[To MB EDITOR OP Tax " SPIWTATOP..” . 1 SIR,—Mr. Harold Cox
has gained the right to argue on monetary questions. He quotes John Stuart Mill : "If the whole money in circulation was doubled, prices would be doubled." Mr. Cox disagrees. But how could the money "in circulation" be doubled if prices were not doubled ? Unless the prices went up, the extra money would not circulate. Thoughtful people will, I think, prefer Mr. Mill's "crude statement" to Mr. Con's last two paragraphs. Mr. Cox seems to mean that a sovereign, or one-pound cheque, or book-entry, &c., has a fixed value. Apart from certain temporary con- ventions, is this so ? Does he seriously contend that to-day I can buy as many loaves of bread with a sovereign as I could buy with one six months ago, or, to use his own example of the physician, that a sovereign will go as far in paying a consulting physician to-day as it went forty years ago ? Mr. Cox says that "these attributes of a sovereign," meaning apparently its value, do not "depend on the constantly fluctuating prices of staple commodities "; but the value of a sovereign does depend on these prices when compared with them. I can get more or less of the articles for a sovereign at one time or another.—I am, Sir, &c.,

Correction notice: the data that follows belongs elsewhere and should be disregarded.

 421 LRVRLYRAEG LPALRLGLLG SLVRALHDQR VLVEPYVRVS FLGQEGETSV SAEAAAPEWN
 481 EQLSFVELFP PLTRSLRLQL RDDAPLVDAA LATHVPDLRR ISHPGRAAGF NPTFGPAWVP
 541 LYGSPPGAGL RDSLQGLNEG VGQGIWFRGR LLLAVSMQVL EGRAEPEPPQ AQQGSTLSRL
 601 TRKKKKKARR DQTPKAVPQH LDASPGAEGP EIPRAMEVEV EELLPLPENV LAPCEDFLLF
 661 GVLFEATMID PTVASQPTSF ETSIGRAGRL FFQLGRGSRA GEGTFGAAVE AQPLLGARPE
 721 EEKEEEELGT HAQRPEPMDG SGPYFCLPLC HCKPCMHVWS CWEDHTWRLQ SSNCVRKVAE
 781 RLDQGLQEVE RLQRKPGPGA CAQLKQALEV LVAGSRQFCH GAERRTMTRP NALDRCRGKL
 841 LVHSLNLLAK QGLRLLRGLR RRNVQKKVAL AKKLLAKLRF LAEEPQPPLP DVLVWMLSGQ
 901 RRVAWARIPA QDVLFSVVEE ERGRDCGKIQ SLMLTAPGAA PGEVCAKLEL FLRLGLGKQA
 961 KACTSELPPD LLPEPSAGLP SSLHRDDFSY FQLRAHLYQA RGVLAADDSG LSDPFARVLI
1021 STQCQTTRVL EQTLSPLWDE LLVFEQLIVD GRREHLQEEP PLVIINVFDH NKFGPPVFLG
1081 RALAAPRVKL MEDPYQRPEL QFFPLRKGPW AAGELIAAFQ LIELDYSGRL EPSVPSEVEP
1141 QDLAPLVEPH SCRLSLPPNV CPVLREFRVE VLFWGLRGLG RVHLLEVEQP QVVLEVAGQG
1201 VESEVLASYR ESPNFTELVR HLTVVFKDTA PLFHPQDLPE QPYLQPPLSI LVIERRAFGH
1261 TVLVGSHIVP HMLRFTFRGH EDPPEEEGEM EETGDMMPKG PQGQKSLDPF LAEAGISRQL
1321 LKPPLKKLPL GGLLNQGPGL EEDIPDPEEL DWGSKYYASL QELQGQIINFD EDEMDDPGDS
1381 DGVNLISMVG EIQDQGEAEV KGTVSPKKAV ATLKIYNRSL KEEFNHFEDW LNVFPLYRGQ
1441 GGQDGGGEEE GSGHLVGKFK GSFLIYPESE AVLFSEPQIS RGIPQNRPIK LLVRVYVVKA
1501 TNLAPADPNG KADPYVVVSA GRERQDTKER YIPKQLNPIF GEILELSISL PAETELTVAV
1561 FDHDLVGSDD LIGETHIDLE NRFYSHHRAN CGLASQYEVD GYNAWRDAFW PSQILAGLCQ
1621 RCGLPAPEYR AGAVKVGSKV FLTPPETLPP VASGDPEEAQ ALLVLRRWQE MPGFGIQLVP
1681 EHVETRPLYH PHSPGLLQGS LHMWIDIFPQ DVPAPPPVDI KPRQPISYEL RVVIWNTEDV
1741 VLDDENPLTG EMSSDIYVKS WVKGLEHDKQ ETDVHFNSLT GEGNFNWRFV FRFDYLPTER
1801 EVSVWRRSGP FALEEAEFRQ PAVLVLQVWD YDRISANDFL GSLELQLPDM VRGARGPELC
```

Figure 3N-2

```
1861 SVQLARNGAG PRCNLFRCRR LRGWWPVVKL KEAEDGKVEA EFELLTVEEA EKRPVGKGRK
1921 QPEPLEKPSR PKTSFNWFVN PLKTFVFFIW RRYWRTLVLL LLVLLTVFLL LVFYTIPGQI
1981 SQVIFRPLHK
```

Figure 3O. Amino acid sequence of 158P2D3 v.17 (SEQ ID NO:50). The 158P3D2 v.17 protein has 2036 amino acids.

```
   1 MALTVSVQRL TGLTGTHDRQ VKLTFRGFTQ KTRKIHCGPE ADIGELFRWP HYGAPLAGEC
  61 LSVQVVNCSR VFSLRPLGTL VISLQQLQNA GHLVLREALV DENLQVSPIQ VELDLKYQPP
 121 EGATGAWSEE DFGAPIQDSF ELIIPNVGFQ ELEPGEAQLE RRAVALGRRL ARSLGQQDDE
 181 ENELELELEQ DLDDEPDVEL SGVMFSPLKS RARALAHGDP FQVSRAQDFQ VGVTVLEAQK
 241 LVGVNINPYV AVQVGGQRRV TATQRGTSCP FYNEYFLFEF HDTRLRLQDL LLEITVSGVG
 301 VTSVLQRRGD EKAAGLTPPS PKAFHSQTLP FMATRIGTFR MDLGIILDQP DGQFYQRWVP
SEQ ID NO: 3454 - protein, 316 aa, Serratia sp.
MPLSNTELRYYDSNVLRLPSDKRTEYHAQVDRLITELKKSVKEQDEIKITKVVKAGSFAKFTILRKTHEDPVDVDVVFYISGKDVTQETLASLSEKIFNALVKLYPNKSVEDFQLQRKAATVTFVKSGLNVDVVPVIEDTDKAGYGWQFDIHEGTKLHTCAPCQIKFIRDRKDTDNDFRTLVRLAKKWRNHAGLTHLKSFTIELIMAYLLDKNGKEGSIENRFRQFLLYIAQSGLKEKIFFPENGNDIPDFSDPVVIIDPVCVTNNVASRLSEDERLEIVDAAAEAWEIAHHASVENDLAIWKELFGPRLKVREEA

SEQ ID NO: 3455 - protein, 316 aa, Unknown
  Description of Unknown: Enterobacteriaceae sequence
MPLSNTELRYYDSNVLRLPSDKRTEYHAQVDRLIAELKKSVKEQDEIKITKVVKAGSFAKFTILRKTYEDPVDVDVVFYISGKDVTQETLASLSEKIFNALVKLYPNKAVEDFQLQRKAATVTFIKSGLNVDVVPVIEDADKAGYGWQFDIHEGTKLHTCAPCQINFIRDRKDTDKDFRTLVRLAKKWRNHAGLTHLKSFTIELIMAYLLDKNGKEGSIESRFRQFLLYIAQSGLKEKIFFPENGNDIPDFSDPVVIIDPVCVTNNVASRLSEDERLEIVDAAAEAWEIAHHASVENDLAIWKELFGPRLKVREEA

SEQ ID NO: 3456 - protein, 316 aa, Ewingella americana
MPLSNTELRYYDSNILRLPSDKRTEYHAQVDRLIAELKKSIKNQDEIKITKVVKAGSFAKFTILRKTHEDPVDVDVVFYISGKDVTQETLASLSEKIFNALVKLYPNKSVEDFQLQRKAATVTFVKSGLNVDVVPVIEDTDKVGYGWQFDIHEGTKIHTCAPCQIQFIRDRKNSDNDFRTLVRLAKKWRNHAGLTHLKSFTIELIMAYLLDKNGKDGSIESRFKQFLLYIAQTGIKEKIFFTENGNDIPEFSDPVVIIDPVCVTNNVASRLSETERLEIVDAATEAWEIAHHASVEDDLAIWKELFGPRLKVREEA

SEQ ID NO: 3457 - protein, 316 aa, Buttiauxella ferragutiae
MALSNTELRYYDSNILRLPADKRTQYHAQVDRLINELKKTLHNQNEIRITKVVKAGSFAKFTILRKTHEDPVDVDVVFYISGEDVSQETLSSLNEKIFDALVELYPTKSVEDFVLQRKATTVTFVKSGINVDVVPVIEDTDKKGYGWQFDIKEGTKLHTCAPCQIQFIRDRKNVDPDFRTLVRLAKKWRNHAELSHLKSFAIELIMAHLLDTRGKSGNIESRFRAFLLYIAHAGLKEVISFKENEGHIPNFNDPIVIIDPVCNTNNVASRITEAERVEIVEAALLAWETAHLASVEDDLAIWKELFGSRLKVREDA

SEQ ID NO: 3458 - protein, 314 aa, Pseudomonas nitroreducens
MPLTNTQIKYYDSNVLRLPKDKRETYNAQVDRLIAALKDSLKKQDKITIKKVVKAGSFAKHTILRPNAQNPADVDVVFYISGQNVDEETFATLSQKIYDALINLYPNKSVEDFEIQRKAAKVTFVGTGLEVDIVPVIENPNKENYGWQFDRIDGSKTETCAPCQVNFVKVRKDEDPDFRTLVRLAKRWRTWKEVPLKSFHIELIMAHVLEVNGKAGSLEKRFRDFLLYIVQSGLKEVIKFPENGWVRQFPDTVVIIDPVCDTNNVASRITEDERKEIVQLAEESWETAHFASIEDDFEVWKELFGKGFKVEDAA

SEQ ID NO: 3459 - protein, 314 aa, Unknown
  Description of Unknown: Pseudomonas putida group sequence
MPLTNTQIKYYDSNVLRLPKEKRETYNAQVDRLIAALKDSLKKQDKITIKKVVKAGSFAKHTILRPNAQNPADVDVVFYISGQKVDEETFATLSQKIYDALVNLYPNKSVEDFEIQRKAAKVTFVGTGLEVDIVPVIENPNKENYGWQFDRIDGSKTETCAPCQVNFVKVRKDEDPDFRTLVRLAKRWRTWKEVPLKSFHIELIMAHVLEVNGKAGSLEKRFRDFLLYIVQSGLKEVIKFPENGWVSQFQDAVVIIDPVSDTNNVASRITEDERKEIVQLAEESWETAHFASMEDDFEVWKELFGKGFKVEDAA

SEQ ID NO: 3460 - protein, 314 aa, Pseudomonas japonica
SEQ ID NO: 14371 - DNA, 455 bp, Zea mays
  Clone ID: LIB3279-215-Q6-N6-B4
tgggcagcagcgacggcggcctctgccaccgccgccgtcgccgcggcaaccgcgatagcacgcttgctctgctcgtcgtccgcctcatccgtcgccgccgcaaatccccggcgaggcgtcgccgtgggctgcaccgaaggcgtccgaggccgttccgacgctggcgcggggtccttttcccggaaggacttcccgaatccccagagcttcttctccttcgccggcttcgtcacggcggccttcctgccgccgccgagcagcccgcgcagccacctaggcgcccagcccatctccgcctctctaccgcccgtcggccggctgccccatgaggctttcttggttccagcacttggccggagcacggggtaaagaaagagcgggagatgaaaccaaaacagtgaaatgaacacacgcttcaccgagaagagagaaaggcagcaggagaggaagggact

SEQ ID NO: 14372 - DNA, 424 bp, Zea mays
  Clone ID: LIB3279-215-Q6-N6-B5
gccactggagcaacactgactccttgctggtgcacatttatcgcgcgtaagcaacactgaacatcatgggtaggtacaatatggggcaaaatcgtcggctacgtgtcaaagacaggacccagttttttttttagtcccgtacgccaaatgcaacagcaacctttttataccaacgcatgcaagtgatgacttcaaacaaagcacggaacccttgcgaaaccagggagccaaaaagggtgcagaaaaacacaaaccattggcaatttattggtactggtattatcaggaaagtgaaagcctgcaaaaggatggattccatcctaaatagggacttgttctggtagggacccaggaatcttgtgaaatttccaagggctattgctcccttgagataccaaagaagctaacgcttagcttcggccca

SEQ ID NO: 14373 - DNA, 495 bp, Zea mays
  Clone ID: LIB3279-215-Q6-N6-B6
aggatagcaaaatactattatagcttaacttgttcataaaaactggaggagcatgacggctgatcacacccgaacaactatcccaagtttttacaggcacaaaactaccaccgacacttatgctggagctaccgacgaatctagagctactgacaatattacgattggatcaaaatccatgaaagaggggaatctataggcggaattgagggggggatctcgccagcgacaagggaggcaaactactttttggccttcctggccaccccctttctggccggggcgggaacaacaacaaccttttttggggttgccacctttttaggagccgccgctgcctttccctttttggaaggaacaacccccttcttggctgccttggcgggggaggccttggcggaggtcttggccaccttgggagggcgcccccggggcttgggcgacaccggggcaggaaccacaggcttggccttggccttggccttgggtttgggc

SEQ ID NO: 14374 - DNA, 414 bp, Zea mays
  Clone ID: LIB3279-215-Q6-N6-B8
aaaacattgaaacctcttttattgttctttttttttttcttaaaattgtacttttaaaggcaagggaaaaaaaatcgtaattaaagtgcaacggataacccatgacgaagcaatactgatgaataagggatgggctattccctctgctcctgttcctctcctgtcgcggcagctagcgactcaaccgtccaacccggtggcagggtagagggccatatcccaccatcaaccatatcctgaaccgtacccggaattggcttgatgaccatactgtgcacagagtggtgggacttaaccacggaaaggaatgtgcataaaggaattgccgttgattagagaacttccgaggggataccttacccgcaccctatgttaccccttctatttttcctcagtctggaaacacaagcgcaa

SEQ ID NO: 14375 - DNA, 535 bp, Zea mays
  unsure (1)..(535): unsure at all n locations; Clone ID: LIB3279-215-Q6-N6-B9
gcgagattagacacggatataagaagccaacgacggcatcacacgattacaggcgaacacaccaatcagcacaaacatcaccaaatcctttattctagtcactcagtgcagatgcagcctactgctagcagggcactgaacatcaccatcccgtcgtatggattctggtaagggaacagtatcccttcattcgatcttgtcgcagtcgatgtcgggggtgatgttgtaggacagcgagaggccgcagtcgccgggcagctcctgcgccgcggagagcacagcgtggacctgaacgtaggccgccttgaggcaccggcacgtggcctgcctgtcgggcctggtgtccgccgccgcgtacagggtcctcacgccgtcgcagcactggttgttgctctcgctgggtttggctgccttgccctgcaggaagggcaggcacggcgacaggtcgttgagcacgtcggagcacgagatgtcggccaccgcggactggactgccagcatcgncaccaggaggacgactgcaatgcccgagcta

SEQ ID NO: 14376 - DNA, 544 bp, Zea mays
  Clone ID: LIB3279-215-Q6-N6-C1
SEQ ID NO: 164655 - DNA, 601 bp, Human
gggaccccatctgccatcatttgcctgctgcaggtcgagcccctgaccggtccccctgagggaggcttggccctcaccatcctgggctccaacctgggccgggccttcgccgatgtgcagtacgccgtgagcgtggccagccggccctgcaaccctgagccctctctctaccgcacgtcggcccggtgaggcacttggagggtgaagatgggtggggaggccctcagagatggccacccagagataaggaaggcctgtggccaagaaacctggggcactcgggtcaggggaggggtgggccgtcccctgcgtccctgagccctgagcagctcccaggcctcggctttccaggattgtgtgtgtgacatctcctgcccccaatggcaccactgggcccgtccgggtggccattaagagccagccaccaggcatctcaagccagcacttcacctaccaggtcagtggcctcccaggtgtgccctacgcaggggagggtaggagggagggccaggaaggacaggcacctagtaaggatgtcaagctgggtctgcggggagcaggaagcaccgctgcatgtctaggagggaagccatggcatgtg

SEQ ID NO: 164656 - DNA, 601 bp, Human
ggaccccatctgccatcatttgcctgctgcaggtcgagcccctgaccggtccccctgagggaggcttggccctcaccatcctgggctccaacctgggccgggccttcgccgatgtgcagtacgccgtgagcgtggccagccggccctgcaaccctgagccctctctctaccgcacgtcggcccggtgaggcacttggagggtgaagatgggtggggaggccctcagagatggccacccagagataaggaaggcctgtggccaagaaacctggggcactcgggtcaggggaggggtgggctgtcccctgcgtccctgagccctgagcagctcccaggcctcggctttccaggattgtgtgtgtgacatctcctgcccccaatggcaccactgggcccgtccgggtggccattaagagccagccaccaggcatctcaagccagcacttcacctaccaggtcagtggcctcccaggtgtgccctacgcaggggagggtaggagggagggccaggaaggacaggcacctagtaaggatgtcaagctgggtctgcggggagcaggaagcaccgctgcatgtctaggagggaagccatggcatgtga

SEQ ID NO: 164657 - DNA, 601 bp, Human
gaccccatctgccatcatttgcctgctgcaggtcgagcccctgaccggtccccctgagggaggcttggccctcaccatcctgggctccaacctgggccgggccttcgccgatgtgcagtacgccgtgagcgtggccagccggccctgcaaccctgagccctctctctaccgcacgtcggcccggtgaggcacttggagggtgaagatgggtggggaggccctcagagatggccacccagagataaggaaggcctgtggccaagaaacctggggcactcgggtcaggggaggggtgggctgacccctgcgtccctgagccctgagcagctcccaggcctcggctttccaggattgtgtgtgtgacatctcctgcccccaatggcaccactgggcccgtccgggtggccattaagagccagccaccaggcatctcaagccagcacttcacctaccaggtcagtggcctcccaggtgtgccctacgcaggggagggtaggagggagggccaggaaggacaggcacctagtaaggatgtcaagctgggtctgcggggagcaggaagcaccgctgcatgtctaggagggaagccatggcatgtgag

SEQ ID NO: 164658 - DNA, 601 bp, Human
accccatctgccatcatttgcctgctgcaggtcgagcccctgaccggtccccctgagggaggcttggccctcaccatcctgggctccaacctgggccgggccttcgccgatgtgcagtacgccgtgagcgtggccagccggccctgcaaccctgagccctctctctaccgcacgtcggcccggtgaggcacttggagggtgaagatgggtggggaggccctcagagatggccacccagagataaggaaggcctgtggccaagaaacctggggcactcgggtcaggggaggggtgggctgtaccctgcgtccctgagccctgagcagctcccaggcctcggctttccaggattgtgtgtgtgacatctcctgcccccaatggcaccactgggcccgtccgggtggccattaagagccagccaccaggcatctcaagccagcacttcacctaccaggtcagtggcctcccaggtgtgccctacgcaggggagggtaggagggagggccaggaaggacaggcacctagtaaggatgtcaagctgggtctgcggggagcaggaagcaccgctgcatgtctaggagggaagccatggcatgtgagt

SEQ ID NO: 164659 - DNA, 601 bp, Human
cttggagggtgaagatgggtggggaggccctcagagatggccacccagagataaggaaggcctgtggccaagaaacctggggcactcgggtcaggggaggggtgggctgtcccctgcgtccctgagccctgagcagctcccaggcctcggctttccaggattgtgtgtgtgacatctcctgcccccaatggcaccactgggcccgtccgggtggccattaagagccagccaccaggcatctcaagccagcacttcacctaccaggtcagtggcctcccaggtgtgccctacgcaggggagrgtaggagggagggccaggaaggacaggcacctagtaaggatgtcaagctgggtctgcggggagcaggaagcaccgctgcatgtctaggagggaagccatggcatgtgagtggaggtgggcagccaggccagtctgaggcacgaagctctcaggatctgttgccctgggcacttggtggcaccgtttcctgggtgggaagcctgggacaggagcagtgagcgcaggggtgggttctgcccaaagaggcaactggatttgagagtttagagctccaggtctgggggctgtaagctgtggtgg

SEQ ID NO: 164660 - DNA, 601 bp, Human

CHARLES S. JERRAN.